• Additionally, as a method for identifying the periodicity, co-occurrence matrix and fractal dimension known as the texture feature quantity can be used.
  • The identification of the periodicity by the Fourier transform is one exemplary embodiment, and the above-described different methods can be used in identifying the periodicity. In this regard, the frequency conversion unit 141 functions as one exemplary embodiment of an identification unit of the periodicity.
  • The index calculation unit 143 functions as an information acquisition unit configured to acquire information of the imaging state of the photoreceptor cells and distribution information of the photoreceptor cells from the image indicating the periodicity such as a Fourier image. By using the feature quantity extracted by the feature extraction unit 142, the index calculation unit 143 can obtain accurate calculation results of the imaging state and the distribution of the photoreceptor cells.
  • An output unit 150 outputs the information of the imaging state and the distribution information of the photoreceptor cells acquired by the index calculation unit 143. The information is output to a display unit 160 as well as an external database and an output apparatus. The information is, for example, printed out by the output apparatus. Information of the imaging state can be displayed as it is or together with the planar image of the fundus of the eye on the output apparatus.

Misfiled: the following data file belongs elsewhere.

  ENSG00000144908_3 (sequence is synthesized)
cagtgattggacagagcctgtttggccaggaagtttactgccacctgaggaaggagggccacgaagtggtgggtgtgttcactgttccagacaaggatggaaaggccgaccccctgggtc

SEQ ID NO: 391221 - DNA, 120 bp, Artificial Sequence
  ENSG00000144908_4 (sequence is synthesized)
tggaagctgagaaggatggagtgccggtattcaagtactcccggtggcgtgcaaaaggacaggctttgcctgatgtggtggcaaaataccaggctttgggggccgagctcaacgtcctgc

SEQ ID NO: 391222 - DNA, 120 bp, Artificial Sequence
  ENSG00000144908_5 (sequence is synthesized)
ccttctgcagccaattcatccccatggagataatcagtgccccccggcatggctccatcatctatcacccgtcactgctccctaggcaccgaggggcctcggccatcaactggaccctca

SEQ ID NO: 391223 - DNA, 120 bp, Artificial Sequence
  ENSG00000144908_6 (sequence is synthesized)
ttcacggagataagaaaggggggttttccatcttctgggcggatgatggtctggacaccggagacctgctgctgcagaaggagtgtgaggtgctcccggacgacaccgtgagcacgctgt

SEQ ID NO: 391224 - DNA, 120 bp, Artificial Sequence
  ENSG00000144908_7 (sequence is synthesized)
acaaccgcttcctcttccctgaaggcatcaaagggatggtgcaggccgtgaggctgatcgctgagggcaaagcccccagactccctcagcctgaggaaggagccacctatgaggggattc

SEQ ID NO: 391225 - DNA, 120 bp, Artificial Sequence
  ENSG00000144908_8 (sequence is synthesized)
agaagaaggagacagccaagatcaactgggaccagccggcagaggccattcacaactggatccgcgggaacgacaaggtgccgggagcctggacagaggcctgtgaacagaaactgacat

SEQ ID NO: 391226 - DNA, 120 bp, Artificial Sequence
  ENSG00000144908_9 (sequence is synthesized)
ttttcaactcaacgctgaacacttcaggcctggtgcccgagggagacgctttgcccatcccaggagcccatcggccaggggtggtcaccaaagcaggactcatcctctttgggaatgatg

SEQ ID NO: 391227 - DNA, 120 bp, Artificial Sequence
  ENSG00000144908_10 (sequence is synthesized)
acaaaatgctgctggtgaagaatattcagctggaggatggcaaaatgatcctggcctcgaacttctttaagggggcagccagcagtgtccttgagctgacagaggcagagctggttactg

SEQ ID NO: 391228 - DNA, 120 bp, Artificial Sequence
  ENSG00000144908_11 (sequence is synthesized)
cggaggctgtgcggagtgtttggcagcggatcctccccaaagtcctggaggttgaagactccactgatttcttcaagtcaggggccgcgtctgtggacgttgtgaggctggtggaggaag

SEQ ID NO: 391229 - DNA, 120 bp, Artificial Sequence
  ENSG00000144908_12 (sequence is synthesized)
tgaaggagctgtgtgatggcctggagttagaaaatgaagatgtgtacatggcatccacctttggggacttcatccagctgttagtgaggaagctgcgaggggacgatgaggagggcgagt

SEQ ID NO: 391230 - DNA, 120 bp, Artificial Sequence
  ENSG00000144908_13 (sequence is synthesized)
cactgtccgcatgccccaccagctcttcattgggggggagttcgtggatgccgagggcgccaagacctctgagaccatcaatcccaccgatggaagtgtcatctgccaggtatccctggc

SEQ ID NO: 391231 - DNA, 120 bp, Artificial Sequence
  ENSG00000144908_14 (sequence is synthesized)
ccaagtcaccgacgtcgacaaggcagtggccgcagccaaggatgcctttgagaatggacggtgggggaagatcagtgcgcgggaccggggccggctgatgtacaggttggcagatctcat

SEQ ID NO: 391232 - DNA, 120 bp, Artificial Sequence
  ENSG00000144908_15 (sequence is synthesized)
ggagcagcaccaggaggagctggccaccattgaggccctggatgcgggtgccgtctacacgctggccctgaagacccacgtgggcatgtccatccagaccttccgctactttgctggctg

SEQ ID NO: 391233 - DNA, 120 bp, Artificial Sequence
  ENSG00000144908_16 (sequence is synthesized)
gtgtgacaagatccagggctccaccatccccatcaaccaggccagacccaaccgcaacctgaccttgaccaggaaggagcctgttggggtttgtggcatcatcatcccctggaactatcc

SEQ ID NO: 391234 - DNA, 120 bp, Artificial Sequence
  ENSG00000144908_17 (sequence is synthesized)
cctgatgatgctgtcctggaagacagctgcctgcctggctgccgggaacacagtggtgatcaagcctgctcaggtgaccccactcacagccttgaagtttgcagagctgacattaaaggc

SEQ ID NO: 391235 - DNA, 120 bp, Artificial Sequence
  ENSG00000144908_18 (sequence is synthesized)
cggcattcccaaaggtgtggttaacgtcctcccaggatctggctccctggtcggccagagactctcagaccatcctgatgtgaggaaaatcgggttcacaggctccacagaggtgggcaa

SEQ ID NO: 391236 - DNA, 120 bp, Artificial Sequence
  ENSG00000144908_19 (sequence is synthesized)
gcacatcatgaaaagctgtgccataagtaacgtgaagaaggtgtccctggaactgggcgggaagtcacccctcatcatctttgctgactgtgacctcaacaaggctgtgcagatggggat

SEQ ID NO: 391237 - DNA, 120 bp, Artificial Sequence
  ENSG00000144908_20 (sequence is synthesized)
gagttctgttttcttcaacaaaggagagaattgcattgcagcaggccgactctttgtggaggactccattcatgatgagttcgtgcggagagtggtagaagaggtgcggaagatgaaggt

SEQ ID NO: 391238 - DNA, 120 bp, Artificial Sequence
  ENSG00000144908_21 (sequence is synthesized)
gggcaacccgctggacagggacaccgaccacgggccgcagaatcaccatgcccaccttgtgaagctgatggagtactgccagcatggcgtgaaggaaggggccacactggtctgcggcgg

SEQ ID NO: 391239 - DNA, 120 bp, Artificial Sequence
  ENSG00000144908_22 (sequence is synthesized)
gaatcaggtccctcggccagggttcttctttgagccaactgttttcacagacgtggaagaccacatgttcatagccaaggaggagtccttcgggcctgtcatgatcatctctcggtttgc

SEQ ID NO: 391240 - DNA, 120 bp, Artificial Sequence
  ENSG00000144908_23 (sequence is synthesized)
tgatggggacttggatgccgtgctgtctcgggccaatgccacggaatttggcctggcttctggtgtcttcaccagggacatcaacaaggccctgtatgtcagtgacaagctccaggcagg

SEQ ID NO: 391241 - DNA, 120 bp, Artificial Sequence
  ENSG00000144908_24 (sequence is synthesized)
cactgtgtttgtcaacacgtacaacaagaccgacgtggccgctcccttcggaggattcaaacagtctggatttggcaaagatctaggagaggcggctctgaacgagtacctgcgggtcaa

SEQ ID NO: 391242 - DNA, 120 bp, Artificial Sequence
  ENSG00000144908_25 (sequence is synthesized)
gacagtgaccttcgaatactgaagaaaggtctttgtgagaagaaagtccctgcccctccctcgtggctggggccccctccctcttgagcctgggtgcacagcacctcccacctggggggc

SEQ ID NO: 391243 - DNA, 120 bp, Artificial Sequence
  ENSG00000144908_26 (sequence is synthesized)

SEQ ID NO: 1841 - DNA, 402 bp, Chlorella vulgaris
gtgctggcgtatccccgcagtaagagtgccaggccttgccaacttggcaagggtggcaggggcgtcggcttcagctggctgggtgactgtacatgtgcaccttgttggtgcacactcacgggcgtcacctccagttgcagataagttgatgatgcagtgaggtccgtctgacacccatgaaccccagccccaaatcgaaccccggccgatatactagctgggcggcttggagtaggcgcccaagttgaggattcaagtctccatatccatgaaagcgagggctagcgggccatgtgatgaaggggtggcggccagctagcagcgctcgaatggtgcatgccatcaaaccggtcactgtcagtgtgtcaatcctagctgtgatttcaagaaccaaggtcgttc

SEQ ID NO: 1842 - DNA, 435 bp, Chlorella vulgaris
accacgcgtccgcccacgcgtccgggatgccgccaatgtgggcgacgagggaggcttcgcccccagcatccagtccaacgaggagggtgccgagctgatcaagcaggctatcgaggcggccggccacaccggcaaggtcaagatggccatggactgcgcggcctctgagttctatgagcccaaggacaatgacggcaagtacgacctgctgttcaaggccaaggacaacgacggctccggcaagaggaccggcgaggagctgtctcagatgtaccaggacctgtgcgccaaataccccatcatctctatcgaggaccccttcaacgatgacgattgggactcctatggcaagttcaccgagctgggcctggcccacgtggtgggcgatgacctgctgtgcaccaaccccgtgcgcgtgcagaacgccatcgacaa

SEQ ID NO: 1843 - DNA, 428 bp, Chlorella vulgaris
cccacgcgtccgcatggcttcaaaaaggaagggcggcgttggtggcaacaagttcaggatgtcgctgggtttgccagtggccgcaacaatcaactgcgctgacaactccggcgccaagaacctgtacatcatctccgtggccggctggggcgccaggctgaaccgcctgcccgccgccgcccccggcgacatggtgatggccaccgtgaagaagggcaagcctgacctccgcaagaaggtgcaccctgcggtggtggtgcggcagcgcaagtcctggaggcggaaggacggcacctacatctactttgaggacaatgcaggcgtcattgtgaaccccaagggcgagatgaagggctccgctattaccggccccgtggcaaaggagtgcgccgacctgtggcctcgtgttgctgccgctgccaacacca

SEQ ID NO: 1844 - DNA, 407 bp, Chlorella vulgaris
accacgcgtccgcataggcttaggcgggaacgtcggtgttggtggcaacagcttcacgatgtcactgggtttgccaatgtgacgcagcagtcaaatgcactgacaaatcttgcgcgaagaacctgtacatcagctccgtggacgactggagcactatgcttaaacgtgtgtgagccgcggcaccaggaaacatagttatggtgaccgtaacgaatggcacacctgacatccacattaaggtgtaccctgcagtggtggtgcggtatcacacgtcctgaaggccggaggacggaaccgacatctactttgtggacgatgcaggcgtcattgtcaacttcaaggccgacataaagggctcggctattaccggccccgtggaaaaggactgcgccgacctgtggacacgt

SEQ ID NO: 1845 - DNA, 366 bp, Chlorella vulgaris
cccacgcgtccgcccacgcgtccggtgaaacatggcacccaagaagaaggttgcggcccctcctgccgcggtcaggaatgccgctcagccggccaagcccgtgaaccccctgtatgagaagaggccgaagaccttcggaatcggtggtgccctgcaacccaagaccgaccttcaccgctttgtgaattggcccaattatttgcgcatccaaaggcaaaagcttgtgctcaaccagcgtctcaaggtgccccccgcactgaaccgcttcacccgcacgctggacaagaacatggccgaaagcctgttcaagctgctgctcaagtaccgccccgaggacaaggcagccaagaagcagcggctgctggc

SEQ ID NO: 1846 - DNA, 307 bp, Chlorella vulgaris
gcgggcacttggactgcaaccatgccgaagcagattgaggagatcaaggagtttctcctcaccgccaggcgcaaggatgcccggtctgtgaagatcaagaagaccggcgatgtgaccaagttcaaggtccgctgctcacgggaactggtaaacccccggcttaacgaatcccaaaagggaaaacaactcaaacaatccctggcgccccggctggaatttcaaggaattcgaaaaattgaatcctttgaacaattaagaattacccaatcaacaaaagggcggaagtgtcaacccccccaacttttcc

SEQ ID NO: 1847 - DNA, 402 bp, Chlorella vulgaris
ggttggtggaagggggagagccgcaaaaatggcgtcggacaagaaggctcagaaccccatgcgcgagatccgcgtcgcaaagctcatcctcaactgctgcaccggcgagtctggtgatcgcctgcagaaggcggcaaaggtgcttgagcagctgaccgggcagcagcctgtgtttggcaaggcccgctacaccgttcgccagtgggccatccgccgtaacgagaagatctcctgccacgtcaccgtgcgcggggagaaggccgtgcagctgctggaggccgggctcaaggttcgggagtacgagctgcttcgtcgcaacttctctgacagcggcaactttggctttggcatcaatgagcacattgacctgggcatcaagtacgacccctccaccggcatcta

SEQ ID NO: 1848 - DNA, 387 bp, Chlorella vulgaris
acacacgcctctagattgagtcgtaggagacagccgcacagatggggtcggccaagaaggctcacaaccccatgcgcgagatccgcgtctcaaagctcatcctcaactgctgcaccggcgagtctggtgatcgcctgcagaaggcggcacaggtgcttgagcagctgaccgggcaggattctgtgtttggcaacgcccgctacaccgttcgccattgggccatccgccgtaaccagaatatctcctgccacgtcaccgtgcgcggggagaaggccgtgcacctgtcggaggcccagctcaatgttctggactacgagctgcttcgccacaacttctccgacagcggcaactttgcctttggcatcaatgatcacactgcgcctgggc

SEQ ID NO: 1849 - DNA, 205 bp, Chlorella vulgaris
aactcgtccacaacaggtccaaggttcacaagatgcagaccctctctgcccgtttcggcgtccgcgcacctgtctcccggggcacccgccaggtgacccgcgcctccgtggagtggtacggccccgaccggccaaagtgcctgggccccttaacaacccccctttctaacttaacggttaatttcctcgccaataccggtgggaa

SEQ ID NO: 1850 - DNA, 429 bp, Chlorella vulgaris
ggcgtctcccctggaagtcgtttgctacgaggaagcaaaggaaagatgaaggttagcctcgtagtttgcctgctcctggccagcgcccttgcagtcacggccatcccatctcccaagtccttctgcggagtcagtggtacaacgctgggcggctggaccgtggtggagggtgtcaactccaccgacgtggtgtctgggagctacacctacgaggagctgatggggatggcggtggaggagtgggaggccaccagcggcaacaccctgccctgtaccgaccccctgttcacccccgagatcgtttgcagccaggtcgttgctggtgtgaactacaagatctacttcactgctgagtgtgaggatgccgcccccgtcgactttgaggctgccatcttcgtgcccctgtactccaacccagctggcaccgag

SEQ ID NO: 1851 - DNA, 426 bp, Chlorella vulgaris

• As the information of the imaging state which is displayed, there is the image quality index value of the planar image of the fundus of the eye where the photoreceptor cells have been captured, and information asking the user to perform operation to improve the imaging state. Further, a frequency image including the information of the imaging state can be displayed together with the image of the fundus of the eye. Furthermore, as illustrated in FIG. 5B described below, a graph showing a relation between a distance from the center position of the ring structure or from the point of origin of the frequency image and the luminance value is displayed. Additionally, a control value corresponding to the imaging state of the photoreceptor cells is output to the ophthalmologic imaging apparatus which has captured the planar image of the fundus of the eye.
  • The image processing unit 140 generates a Fourier image from the acquired planar image of the fundus of the eye, calculates an index of the image quality from the feature quantity extracted from the Fourier image, and stores the index in the storage unit 13. The output unit 150 outputs the calculated index to a monitor. Further, the output unit 150 outputs the result of the processing stored in the storage unit 130 to the database.